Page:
Among the 400 universities across Korea, CNU is the only non-capital university to rank in the top 10 in research funds. Over the past three years, the total amount of research funds has steadily increased to approximately 153.4 billion won. Selected for leading a 'Campus Innovation Park Project,' CNU will expand the start-up support system by using it as a forward base for fostering start-ups and creating high-end jobs. As a result, our university will support the entire research cycle from the conception to completion of research items.

You have said that the development of the community and the university should advance together while sharing the talents, skills, and resources of the university with the community. Could you tell us about the progress of the 'University Town-type Urban Regeneration Project'?

The ‘University Town-type Urban Regeneration Project’ aims to share the resources owned by CNU with the local community and co-work. Our university's LINC+ Initiative, Office of International Affairs, and Graduate School of Culture cooperate to revitalize the business district of our university's main gate and back gate areas. Several programs such as ‘Living Labs’ in which local residents and organizations are working with facilitators to solve urban regeneration and regional issues, and ‘Idea Realize’ which is for realizing items related to improving residential facilities and youth start-ups are in progress. When the Center for Happiness and Harmony is completed in October, the open-space will be shared with local communties.

You have said that universities should be able to lead a natural role for all ages and future generations. What would you say your vision as a national hub is?

There are 10 national universities across the country. As a national university which has a duty to be a pillar of national development with a balanced education system, CNU is supporting the right to be educated by establishing a platform that can provide a lifetime’s worth of education from a kindergarten to every step of schooling including a lifelong education center. We have also pursued constant exploration of advances in science and technology in various fields of study. We will focus more on the discovery of new convergence studies. We are taking the lead in upgrading regional competitiveness through various projects.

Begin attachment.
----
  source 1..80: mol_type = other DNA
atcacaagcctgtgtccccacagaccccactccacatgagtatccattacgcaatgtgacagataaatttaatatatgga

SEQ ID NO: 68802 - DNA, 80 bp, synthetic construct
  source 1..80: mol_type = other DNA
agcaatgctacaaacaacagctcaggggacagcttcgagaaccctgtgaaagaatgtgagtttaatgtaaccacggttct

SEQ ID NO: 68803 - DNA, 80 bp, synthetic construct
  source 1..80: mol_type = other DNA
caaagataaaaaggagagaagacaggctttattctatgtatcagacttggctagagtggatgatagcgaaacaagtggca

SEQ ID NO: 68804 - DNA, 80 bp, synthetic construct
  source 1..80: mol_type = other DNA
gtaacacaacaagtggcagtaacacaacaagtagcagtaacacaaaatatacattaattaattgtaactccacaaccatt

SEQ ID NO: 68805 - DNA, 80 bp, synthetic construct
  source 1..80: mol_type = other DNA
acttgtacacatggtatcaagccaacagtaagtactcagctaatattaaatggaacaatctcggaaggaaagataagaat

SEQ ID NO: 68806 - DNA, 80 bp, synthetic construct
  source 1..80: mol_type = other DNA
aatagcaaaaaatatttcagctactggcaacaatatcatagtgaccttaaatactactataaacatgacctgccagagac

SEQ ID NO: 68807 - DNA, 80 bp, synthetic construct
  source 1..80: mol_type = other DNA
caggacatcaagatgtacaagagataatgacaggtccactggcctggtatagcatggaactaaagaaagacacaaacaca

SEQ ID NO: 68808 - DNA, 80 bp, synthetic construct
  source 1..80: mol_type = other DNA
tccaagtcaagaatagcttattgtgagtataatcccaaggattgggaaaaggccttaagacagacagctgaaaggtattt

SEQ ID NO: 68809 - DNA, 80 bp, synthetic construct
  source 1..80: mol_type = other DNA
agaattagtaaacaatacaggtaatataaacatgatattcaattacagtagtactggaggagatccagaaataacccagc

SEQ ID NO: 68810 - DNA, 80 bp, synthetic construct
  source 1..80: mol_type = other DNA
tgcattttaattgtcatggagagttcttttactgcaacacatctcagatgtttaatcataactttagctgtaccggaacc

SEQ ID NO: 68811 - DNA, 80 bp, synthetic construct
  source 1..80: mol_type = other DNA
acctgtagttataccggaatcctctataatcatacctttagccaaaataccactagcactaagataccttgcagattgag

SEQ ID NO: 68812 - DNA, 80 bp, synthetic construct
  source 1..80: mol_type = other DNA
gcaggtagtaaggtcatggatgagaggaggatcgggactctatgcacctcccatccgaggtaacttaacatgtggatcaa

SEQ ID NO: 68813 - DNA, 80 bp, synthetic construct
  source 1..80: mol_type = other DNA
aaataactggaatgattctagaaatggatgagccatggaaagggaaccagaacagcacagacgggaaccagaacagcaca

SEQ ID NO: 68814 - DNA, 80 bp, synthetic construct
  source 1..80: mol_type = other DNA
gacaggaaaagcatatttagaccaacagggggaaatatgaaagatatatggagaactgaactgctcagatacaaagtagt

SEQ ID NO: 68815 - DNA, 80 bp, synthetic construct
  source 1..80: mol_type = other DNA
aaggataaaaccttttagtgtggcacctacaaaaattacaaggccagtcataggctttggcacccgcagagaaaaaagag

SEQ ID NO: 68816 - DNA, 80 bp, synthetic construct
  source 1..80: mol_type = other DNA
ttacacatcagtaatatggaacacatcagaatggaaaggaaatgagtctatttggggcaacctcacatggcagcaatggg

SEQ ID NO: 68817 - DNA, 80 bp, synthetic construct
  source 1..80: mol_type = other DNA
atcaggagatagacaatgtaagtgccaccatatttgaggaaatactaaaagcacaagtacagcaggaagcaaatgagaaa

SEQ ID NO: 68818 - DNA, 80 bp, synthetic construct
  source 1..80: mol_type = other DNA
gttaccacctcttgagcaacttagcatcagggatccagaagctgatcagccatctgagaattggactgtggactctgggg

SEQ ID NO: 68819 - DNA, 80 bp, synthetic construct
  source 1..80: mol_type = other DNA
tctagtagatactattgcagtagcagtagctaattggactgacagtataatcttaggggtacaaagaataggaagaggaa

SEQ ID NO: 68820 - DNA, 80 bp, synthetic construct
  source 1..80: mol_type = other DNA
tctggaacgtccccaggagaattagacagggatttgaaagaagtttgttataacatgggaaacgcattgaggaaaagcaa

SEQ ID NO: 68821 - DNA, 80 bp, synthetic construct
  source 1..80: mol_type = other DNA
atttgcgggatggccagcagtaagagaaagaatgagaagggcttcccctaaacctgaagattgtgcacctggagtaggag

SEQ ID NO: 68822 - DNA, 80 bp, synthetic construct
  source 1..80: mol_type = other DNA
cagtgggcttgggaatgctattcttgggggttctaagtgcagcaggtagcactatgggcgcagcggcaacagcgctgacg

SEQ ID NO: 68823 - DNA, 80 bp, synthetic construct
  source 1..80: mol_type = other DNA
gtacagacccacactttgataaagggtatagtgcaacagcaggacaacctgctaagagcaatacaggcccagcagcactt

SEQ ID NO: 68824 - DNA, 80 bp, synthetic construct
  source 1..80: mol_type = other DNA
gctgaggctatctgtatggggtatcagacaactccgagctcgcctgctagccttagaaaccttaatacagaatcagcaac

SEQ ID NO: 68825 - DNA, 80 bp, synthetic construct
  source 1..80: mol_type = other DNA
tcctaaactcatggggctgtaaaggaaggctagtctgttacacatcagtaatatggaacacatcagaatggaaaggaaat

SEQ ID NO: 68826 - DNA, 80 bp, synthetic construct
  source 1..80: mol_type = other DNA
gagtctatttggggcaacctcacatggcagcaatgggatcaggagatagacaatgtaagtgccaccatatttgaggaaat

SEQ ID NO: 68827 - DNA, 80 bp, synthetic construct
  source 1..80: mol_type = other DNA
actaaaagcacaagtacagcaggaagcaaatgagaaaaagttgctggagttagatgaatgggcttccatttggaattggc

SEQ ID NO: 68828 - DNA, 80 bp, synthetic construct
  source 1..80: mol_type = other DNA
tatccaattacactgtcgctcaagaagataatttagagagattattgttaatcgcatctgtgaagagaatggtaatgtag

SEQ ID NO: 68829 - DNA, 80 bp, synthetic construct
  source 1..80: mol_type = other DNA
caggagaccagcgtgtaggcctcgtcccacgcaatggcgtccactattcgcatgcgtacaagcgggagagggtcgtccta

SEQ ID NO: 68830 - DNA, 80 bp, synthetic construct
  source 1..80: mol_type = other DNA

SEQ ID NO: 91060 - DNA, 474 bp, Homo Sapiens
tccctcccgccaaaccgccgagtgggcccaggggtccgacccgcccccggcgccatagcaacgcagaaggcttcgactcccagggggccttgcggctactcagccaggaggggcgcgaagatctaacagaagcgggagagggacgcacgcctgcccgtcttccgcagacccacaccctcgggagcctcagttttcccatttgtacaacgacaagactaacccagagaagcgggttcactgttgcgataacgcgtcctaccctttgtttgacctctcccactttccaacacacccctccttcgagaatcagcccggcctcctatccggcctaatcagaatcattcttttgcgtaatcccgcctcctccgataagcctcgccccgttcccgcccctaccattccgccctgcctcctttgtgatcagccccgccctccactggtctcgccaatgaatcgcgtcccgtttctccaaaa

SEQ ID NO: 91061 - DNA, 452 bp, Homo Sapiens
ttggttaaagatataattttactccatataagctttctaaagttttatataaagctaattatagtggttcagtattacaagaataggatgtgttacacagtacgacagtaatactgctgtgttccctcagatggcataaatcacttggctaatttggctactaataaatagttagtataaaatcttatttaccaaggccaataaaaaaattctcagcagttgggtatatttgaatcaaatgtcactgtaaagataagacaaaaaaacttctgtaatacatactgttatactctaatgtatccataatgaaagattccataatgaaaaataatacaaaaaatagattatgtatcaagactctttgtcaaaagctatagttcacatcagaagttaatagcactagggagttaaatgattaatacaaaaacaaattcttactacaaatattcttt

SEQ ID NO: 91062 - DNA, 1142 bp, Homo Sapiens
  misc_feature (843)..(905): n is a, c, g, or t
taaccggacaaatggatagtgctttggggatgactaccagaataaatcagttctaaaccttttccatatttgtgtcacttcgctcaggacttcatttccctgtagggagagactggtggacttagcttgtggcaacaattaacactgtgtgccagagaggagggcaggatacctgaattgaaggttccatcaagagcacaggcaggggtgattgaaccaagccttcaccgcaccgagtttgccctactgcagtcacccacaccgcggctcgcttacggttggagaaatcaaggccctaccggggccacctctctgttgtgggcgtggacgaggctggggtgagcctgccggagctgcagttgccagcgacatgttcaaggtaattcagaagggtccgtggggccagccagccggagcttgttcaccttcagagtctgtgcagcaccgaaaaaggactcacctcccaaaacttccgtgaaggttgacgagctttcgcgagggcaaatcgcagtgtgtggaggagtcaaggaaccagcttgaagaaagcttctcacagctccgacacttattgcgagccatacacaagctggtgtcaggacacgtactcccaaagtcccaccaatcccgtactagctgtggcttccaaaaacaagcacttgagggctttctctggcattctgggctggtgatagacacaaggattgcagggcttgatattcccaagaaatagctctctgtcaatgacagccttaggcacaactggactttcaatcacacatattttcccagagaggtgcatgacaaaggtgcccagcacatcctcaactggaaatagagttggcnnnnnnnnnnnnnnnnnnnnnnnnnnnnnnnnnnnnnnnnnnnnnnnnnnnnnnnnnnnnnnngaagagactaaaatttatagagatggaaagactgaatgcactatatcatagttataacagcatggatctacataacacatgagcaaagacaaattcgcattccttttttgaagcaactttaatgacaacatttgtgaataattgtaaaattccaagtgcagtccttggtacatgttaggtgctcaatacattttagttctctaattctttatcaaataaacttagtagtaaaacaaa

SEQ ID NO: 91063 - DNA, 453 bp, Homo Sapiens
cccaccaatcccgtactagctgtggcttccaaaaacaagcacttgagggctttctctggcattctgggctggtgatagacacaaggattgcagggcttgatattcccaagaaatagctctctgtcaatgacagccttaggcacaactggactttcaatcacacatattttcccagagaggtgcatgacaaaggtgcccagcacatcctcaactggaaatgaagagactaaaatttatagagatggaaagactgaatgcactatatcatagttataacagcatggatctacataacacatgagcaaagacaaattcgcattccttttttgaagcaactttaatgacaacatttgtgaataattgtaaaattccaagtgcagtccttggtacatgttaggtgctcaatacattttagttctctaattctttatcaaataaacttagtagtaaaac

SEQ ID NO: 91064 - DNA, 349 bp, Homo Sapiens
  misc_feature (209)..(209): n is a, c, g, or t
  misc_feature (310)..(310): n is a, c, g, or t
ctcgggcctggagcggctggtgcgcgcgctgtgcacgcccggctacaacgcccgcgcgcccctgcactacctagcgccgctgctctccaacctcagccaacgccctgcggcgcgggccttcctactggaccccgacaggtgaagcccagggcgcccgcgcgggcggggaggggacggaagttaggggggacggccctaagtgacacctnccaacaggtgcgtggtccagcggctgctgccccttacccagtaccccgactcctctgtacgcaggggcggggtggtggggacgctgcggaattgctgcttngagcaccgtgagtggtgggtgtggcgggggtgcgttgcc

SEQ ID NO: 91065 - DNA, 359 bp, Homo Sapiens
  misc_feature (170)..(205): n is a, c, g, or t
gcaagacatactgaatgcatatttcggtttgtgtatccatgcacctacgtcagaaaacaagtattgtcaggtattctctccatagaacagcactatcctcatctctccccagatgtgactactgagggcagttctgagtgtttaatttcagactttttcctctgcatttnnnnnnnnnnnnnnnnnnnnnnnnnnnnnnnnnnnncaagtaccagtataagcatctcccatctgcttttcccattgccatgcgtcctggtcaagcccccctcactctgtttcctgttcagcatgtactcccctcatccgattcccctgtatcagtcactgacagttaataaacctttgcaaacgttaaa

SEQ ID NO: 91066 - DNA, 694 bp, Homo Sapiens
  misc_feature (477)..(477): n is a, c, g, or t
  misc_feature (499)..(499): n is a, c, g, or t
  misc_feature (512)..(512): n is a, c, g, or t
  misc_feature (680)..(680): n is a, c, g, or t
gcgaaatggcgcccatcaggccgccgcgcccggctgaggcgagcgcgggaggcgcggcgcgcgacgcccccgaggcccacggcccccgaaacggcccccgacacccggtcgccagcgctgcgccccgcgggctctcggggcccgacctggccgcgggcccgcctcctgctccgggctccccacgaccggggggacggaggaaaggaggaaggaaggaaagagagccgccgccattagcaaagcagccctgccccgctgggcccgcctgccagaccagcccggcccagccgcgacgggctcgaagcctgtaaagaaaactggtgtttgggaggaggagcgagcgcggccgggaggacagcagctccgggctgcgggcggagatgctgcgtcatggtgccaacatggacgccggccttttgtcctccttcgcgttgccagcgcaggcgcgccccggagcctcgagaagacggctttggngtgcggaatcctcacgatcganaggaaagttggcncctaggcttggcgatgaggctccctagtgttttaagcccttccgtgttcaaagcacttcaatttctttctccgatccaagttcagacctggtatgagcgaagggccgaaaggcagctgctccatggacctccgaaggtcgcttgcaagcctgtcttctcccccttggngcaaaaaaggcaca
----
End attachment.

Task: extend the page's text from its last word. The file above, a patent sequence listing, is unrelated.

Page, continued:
Next year marks the 70th anniversary of the university's foundation. The university is drawing a ‘blueprint' that contains dreams for the next 100 years of CNU. In particular, it is planning an Education Innovation Platform centered on the Office of Future Strategy. Could you elaborate on this?

In a rapidly changing society, the university has been considering how to grab the opportunity to leap forward beyond the crisis. The Office of Future Strategy will contribute to restoring the status as a national hub by developing the university's original functions. The Education Innovation Platform will preemptively face changes and challenges in the educational environment. It will play a key role in overcoming the limitations of non-face-to-face education and responding to various educational needs and demands that meet the era of the Fourth Industrial Revolution.

Last April, after struggling for two years, the General Student Council was created. Please let us hear the president's advice or encouragement on student autonomy.

The university members will have high expectations of the launch of the 52nd General Student Council (GSC). Active participation from the students is needed. I hope that active discussions will overflow with a healthy and vibrant student culture. Our university will support student autonomy activities such as the GSC and the General Club Association. In addition, we will expand welfare as well as educational services and help the creation of student culture on campus.

Lastly, is there anything you would like to say to our university’s students?

We are living in a hyper-connected society on the back of AI and information technology. It is also an era of great change that requires a new order as COVID-19 hit the world. To lead this era, we need talented people with creativity, sensitivity and a sense of community. It is necessary for them to create freshness with scientific thinking, empathize with the world, and co-exist with neighbors. I hope our students will succeed with the history of our proud university to grow into "proud and free CNU people" who pursue truth, creativity, and serve with knowledge.

By Maja Elisabeth von Bruun, Student Editor / Park Min-ji, Editor-in-chief

Maja Elisabeth von Bruun 기자

<저작권자 © Chonnam Tribune 무단전재 및 재배포금지>